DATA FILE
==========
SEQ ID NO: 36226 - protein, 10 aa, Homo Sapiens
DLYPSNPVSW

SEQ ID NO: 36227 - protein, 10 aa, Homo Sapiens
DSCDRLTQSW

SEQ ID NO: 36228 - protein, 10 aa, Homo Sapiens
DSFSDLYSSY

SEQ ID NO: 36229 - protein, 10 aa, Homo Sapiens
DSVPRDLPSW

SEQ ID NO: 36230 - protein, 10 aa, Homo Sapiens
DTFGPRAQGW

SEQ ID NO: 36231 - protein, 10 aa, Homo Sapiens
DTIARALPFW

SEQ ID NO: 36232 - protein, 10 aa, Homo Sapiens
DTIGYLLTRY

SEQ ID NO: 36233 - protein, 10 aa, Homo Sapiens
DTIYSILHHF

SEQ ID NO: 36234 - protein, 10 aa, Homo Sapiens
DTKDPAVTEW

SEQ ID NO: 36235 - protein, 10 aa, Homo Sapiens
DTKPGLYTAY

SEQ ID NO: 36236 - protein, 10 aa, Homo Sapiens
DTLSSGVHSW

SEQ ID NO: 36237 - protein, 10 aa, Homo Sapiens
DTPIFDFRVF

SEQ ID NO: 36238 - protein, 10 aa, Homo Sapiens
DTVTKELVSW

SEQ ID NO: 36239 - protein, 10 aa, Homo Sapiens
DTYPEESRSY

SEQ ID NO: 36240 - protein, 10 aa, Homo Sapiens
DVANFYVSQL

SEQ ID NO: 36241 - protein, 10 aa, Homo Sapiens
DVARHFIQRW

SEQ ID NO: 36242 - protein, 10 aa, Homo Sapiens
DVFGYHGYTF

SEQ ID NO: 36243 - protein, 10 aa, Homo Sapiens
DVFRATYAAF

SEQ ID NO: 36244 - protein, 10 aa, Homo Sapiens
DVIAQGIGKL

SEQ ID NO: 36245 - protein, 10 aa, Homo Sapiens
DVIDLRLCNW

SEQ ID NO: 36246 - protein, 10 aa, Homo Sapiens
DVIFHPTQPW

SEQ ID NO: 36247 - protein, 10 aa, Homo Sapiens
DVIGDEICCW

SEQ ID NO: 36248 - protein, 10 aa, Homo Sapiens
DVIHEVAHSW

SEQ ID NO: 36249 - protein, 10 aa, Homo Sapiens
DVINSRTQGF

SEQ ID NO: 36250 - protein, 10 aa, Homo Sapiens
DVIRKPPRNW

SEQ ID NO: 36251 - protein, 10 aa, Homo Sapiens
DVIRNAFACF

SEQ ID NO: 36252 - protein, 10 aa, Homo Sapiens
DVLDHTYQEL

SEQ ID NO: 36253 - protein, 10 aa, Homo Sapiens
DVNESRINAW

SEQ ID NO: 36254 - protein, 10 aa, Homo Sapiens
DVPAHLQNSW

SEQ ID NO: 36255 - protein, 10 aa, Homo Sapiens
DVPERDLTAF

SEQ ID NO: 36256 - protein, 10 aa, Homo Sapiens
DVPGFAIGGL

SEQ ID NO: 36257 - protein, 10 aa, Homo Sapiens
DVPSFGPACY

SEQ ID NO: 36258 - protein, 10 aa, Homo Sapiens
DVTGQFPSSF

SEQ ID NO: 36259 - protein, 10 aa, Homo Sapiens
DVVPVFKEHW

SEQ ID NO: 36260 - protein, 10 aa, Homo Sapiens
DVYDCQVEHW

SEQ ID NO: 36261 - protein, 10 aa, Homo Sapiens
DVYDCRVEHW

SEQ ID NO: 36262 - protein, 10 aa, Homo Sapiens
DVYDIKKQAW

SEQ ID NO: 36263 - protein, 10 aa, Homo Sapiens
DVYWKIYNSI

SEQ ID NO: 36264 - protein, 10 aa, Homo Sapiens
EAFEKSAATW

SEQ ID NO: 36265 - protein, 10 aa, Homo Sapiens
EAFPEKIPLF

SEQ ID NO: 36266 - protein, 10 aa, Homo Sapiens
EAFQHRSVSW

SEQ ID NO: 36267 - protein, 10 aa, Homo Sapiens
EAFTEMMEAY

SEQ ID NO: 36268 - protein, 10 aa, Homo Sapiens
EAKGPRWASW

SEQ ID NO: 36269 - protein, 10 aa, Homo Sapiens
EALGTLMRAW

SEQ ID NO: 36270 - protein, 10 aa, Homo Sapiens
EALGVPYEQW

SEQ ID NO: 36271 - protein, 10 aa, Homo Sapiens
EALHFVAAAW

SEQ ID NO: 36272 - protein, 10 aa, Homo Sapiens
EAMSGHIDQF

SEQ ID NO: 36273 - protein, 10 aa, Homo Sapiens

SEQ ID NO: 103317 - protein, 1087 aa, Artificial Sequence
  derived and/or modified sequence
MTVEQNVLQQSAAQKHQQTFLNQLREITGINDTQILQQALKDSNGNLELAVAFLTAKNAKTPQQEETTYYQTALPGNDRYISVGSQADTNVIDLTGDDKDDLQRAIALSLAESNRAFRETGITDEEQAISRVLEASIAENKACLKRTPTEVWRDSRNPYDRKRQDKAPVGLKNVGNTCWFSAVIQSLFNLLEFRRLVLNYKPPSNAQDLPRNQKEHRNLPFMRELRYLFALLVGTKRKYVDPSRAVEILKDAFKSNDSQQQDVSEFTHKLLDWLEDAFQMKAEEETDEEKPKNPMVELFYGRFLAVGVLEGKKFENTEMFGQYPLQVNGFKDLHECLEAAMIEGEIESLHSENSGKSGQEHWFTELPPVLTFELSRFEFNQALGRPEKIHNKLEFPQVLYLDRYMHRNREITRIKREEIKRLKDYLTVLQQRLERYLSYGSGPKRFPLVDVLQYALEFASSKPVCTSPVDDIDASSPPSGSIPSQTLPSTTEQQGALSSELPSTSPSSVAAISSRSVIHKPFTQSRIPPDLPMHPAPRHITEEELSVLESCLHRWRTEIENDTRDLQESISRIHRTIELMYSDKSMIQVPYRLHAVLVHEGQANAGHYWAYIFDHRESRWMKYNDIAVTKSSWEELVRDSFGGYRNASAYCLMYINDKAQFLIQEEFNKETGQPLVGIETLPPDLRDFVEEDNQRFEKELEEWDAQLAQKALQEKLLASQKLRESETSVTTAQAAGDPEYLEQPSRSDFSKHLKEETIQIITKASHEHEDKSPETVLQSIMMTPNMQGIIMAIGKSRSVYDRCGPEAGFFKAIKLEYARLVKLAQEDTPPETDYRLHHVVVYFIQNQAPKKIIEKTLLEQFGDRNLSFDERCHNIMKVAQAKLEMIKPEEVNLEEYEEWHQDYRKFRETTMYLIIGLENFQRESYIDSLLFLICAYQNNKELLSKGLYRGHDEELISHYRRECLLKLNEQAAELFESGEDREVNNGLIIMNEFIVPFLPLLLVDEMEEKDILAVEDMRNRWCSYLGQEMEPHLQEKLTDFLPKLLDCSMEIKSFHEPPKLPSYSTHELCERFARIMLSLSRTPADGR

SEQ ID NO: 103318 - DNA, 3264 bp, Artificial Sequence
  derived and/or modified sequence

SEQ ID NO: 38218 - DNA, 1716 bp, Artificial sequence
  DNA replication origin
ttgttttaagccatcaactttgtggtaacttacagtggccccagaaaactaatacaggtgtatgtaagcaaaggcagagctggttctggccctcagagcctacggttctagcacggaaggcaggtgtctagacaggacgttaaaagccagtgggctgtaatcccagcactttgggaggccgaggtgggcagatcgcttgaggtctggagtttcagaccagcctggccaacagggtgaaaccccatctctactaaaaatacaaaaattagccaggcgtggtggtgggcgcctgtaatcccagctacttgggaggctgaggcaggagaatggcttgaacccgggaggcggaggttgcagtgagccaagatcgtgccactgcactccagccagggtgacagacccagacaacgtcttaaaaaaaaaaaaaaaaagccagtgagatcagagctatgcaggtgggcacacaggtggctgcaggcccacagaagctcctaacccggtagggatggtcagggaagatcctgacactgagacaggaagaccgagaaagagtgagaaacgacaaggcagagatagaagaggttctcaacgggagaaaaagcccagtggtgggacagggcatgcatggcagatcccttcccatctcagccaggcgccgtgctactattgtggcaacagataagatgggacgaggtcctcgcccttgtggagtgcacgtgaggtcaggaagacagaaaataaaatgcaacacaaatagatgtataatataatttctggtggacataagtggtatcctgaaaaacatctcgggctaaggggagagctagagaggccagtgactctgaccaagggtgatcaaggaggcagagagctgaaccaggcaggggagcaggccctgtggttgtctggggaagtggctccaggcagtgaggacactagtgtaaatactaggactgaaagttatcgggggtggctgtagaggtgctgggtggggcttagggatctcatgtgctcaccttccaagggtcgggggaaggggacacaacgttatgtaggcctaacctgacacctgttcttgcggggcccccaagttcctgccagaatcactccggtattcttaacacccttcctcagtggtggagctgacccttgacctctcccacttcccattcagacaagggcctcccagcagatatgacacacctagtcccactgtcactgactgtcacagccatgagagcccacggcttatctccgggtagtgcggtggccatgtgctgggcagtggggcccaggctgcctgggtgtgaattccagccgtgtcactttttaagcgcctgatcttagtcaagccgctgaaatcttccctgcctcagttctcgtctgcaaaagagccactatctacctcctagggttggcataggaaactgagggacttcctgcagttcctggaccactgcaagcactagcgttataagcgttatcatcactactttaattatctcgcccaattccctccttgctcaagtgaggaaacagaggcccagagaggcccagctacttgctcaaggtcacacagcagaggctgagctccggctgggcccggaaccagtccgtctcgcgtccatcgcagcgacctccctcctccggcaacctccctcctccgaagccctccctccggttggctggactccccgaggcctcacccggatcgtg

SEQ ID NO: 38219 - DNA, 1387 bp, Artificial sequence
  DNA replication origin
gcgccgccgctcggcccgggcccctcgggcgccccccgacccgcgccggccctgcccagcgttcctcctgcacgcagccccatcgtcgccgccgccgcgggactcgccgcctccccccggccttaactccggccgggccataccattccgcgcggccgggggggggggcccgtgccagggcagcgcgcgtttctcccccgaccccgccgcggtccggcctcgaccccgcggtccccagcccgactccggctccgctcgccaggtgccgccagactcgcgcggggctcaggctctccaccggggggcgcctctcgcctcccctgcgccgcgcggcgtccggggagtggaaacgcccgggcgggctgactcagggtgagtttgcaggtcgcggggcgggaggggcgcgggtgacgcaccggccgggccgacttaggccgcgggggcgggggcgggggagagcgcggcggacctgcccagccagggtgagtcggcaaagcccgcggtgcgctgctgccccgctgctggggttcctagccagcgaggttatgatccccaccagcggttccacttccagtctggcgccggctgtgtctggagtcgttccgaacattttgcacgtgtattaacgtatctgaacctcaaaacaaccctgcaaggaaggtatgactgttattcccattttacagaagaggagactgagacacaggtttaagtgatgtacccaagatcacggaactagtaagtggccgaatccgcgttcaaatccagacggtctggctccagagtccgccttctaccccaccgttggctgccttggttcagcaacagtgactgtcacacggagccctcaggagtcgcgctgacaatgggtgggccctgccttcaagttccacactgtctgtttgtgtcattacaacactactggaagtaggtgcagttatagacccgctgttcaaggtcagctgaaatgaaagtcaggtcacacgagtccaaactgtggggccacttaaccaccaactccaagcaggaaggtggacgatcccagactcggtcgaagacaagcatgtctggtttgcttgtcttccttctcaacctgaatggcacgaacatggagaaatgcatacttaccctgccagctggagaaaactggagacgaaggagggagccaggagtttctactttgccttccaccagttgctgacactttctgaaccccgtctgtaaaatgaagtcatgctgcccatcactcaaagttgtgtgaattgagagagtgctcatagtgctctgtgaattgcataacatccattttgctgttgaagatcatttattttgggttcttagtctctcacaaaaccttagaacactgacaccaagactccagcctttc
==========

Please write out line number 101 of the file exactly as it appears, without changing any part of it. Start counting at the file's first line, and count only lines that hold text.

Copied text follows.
SEQ ID NO: 38218 - DNA, 1716 bp, Artificial sequence